Mar

27

 It looks like Slovenia may be the next EMU member up for financial guacamole. Those indicating that the recent troubles of the financial problems in Cyprus, where a euro is worth exactly what the IMF decrees it to be worth and no more and no less, but not necessarily the same as a euro anywhere else in the EMU, were the same who said that the crisis in Greece was limited to Greece, and then that the crisis in Spain was different from Greece so there was no cause for concern. Then it became the crisis in Italy is not the same as that in Spain, which wasn't the same as that in Greece, and therefore there is no need for concern. I'll leave the upcoming problems in France alone for the moment, as it appears that Slovenia is next. (My apologies if this sounds like a financial version of Chad Gadya, but as the saying goes, "If the shoe fits…")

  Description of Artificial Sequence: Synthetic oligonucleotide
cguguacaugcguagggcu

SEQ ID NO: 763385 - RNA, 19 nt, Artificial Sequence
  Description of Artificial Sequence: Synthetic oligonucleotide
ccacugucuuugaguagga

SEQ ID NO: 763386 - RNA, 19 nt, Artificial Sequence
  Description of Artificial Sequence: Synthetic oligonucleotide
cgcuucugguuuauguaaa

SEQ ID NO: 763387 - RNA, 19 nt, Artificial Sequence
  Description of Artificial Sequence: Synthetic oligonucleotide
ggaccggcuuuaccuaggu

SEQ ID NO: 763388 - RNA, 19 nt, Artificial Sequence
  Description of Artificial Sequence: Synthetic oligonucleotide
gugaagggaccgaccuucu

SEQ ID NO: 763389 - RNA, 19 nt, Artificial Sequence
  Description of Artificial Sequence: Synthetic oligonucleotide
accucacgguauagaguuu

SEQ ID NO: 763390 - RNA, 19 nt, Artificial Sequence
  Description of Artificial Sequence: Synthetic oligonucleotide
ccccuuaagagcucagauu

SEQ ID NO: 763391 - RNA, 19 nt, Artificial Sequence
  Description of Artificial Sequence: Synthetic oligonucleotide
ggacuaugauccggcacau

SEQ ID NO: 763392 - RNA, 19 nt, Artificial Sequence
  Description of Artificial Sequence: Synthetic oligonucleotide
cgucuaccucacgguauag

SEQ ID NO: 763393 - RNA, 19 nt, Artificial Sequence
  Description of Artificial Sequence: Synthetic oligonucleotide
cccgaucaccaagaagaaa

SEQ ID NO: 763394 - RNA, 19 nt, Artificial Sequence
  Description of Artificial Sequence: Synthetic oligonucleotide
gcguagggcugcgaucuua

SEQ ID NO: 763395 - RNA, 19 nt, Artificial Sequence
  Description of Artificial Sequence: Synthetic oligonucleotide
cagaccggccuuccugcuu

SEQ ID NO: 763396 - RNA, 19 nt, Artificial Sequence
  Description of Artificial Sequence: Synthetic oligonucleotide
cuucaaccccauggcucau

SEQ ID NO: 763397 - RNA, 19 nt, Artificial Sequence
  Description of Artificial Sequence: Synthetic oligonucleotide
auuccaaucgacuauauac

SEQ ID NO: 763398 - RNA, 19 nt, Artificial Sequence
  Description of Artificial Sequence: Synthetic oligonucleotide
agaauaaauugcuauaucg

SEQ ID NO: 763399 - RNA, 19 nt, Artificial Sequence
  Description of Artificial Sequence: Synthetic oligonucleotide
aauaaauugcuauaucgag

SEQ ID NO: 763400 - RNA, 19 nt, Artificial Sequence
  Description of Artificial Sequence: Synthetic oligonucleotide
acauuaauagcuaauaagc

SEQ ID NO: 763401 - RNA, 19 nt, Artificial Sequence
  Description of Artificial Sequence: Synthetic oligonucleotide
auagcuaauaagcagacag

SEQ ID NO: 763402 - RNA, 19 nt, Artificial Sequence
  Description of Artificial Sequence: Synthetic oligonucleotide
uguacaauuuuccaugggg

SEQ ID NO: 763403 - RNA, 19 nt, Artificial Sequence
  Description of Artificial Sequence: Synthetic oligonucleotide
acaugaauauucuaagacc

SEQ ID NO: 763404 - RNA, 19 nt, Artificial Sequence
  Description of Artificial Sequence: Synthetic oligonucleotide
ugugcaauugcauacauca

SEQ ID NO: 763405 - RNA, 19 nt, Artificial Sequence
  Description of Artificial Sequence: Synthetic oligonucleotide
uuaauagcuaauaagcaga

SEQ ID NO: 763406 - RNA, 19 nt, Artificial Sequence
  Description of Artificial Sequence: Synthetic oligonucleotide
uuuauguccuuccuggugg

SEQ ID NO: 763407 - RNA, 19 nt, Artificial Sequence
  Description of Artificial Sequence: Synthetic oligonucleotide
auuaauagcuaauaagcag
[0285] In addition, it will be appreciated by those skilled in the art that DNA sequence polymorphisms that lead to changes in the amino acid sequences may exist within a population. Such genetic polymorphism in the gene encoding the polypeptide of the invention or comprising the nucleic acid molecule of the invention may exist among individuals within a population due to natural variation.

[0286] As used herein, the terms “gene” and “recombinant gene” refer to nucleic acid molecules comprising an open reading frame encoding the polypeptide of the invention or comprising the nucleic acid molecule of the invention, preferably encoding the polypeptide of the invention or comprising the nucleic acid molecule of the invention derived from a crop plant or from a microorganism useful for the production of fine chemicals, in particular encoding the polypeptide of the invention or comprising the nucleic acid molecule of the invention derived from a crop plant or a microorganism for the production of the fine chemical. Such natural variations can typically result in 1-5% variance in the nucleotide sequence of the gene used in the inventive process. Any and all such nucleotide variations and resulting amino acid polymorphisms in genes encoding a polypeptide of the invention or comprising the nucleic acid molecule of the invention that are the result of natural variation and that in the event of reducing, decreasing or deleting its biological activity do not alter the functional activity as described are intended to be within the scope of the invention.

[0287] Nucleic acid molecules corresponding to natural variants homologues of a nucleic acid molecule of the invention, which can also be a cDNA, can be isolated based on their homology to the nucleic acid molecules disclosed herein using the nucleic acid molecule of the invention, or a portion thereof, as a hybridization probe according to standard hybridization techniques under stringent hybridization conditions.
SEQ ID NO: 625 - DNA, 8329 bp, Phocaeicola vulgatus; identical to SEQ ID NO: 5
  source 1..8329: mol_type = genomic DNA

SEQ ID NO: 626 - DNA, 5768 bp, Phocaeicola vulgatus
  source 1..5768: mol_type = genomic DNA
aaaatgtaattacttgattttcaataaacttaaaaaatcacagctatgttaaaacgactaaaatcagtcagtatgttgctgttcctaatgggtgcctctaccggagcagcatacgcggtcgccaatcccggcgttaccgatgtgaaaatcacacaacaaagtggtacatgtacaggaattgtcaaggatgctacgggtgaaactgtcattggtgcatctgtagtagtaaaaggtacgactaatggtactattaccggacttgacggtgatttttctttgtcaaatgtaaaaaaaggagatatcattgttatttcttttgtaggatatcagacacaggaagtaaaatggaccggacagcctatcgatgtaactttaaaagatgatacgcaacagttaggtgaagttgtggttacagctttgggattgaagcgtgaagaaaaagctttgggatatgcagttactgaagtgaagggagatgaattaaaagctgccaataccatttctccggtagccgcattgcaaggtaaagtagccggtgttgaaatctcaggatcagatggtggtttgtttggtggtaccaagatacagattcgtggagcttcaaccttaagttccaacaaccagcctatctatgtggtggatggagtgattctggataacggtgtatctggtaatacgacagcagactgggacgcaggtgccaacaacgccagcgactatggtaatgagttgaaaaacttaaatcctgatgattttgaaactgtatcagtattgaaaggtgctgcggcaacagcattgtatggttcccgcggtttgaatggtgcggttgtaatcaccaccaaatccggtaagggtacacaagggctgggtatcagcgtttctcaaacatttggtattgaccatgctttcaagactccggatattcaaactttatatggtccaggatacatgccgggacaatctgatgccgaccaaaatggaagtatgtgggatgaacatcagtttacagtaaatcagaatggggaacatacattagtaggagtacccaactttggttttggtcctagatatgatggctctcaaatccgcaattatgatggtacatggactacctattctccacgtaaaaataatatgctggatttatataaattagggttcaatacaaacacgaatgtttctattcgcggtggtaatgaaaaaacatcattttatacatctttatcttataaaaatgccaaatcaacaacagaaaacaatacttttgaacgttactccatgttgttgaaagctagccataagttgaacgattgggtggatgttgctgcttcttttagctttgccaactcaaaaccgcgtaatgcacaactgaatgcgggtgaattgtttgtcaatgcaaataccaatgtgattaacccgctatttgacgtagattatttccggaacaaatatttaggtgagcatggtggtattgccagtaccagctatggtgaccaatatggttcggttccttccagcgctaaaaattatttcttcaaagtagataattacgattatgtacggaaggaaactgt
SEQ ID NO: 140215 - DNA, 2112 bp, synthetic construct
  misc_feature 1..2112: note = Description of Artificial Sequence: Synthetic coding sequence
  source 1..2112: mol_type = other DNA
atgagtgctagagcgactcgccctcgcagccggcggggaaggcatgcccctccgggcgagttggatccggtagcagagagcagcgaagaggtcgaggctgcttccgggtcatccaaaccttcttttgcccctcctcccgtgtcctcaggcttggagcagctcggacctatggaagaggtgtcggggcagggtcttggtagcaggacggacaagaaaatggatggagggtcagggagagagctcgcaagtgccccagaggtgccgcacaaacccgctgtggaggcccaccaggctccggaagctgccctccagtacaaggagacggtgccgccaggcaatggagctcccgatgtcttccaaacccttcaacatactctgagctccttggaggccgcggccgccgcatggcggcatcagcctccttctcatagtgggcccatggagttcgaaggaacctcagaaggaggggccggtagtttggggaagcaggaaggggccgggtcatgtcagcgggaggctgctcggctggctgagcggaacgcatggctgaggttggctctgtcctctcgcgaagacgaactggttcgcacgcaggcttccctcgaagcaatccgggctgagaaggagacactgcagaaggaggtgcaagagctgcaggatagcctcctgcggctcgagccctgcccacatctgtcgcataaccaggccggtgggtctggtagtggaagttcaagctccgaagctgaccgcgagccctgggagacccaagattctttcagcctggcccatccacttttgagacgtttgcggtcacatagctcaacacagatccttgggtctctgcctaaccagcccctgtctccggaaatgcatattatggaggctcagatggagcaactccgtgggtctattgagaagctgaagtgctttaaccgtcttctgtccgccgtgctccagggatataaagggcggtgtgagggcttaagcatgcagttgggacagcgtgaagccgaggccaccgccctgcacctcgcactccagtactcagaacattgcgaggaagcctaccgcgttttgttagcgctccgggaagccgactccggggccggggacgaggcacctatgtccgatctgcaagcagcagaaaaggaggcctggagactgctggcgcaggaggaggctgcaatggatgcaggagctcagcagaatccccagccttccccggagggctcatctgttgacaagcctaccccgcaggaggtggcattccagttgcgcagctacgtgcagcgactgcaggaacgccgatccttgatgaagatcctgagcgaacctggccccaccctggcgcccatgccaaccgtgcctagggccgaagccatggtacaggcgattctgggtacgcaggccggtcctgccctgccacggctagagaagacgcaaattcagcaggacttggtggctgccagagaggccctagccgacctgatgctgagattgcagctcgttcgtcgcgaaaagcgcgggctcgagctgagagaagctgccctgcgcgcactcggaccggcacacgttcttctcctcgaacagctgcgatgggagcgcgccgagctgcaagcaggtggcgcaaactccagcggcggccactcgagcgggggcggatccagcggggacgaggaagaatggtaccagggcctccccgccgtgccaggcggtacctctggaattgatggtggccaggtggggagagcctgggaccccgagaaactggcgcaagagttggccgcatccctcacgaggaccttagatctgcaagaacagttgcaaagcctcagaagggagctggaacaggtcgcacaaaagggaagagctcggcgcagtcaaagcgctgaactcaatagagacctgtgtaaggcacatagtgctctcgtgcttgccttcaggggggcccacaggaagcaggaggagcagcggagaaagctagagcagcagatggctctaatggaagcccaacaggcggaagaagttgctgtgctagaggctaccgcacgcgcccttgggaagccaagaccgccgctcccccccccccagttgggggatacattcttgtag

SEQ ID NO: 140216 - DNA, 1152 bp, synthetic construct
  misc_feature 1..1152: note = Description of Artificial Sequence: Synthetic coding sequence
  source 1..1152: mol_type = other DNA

At some point, it's going to hit someone in the IMF/EMU/ECB Troika that it would be a lot less expensive to arrange for an orderly withdrawal of these countries from the EMU than trying to preserve the euro in its current form. I say this as someone for whom foreign exchange isn't a strong suit. It just seems self-evident to me. What am I missing here?

Victor Niederhoffer writes: 

What you are missing is that the troika joined by the present writer's country is not interested in profits. Consult the theory of public choice in the micro-economics book I gave you. The people in Brussels…. my the food is good, the women are Marilyn Monroe when they don't wear pants, and the titles of commissioner, governor, and such and the perks and the employees, and the beholden consultants and suppliers, why life is good with their trillions in the hip to maintain the boat at an even keel.


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